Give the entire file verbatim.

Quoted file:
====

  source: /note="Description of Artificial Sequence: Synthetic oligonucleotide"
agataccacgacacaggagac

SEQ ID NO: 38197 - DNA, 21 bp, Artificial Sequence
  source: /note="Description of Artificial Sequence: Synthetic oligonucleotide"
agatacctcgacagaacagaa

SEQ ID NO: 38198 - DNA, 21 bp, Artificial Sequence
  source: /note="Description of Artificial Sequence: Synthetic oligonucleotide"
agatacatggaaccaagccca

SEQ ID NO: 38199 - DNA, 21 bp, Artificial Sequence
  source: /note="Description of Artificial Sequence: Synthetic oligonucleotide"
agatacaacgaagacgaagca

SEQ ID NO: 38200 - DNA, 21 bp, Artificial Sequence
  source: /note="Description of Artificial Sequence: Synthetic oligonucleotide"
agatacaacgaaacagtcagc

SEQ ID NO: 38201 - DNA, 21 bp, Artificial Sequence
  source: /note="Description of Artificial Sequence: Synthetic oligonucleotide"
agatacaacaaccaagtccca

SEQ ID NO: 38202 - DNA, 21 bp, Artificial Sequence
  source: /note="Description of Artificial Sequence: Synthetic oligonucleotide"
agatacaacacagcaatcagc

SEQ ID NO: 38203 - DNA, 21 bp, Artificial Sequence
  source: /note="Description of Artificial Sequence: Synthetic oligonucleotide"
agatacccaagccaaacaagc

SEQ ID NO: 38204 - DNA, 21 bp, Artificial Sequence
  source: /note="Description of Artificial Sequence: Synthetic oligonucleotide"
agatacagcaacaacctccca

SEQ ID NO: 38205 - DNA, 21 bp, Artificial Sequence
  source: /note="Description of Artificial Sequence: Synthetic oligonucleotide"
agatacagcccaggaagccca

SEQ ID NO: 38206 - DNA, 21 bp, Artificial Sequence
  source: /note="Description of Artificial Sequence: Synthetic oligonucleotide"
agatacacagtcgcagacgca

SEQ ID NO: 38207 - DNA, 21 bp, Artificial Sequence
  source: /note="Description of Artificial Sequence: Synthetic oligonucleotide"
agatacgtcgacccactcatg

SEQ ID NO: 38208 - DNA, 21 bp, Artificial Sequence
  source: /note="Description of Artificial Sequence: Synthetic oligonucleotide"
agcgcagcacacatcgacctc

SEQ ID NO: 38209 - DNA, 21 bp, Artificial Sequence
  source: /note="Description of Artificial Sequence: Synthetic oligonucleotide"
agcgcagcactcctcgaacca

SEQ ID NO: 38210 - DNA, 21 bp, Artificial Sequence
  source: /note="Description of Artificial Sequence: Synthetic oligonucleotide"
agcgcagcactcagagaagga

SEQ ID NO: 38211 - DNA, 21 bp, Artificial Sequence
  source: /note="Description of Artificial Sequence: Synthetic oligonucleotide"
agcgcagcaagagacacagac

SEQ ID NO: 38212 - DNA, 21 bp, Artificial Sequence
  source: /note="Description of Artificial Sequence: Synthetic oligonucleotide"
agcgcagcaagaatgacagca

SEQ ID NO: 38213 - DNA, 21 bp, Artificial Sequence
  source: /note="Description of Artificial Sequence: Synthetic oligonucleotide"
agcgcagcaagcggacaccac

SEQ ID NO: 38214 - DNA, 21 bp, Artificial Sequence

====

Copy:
  source: /note="Description of Artificial Sequence: Synthetic oligonucleotide"
agataccacgacacaggagac

SEQ ID NO: 38197 - DNA, 21 bp, Artificial Sequence
  source: /note="Description of Artificial Sequence: Synthetic oligonucleotide"
agatacctcgacagaacagaa

SEQ ID NO: 38198 - DNA, 21 bp, Artificial Sequence
  source: /note="Description of Artificial Sequence: Synthetic oligonucleotide"
agatacatggaaccaagccca

SEQ ID NO: 38199 - DNA, 21 bp, Artificial Sequence
  source: /note="Description of Artificial Sequence: Synthetic oligonucleotide"
agatacaacgaagacgaagca

SEQ ID NO: 38200 - DNA, 21 bp, Artificial Sequence
  source: /note="Description of Artificial Sequence: Synthetic oligonucleotide"
agatacaacgaaacagtcagc

SEQ ID NO: 38201 - DNA, 21 bp, Artificial Sequence
  source: /note="Description of Artificial Sequence: Synthetic oligonucleotide"
agatacaacaaccaagtccca

SEQ ID NO: 38202 - DNA, 21 bp, Artificial Sequence
  source: /note="Description of Artificial Sequence: Synthetic oligonucleotide"
agatacaacacagcaatcagc

SEQ ID NO: 38203 - DNA, 21 bp, Artificial Sequence
  source: /note="Description of Artificial Sequence: Synthetic oligonucleotide"
agatacccaagccaaacaagc

SEQ ID NO: 38204 - DNA, 21 bp, Artificial Sequence
  source: /note="Description of Artificial Sequence: Synthetic oligonucleotide"
agatacagcaacaacctccca

SEQ ID NO: 38205 - DNA, 21 bp, Artificial Sequence
  source: /note="Description of Artificial Sequence: Synthetic oligonucleotide"
agatacagcccaggaagccca

SEQ ID NO: 38206 - DNA, 21 bp, Artificial Sequence
  source: /note="Description of Artificial Sequence: Synthetic oligonucleotide"
agatacacagtcgcagacgca

SEQ ID NO: 38207 - DNA, 21 bp, Artificial Sequence
  source: /note="Description of Artificial Sequence: Synthetic oligonucleotide"
agatacgtcgacccactcatg

SEQ ID NO: 38208 - DNA, 21 bp, Artificial Sequence
  source: /note="Description of Artificial Sequence: Synthetic oligonucleotide"
agcgcagcacacatcgacctc

SEQ ID NO: 38209 - DNA, 21 bp, Artificial Sequence
  source: /note="Description of Artificial Sequence: Synthetic oligonucleotide"
agcgcagcactcctcgaacca

SEQ ID NO: 38210 - DNA, 21 bp, Artificial Sequence
  source: /note="Description of Artificial Sequence: Synthetic oligonucleotide"
agcgcagcactcagagaagga

SEQ ID NO: 38211 - DNA, 21 bp, Artificial Sequence
  source: /note="Description of Artificial Sequence: Synthetic oligonucleotide"
agcgcagcaagagacacagac

SEQ ID NO: 38212 - DNA, 21 bp, Artificial Sequence
  source: /note="Description of Artificial Sequence: Synthetic oligonucleotide"
agcgcagcaagaatgacagca

SEQ ID NO: 38213 - DNA, 21 bp, Artificial Sequence
  source: /note="Description of Artificial Sequence: Synthetic oligonucleotide"
agcgcagcaagcggacaccac

SEQ ID NO: 38214 - DNA, 21 bp, Artificial Sequence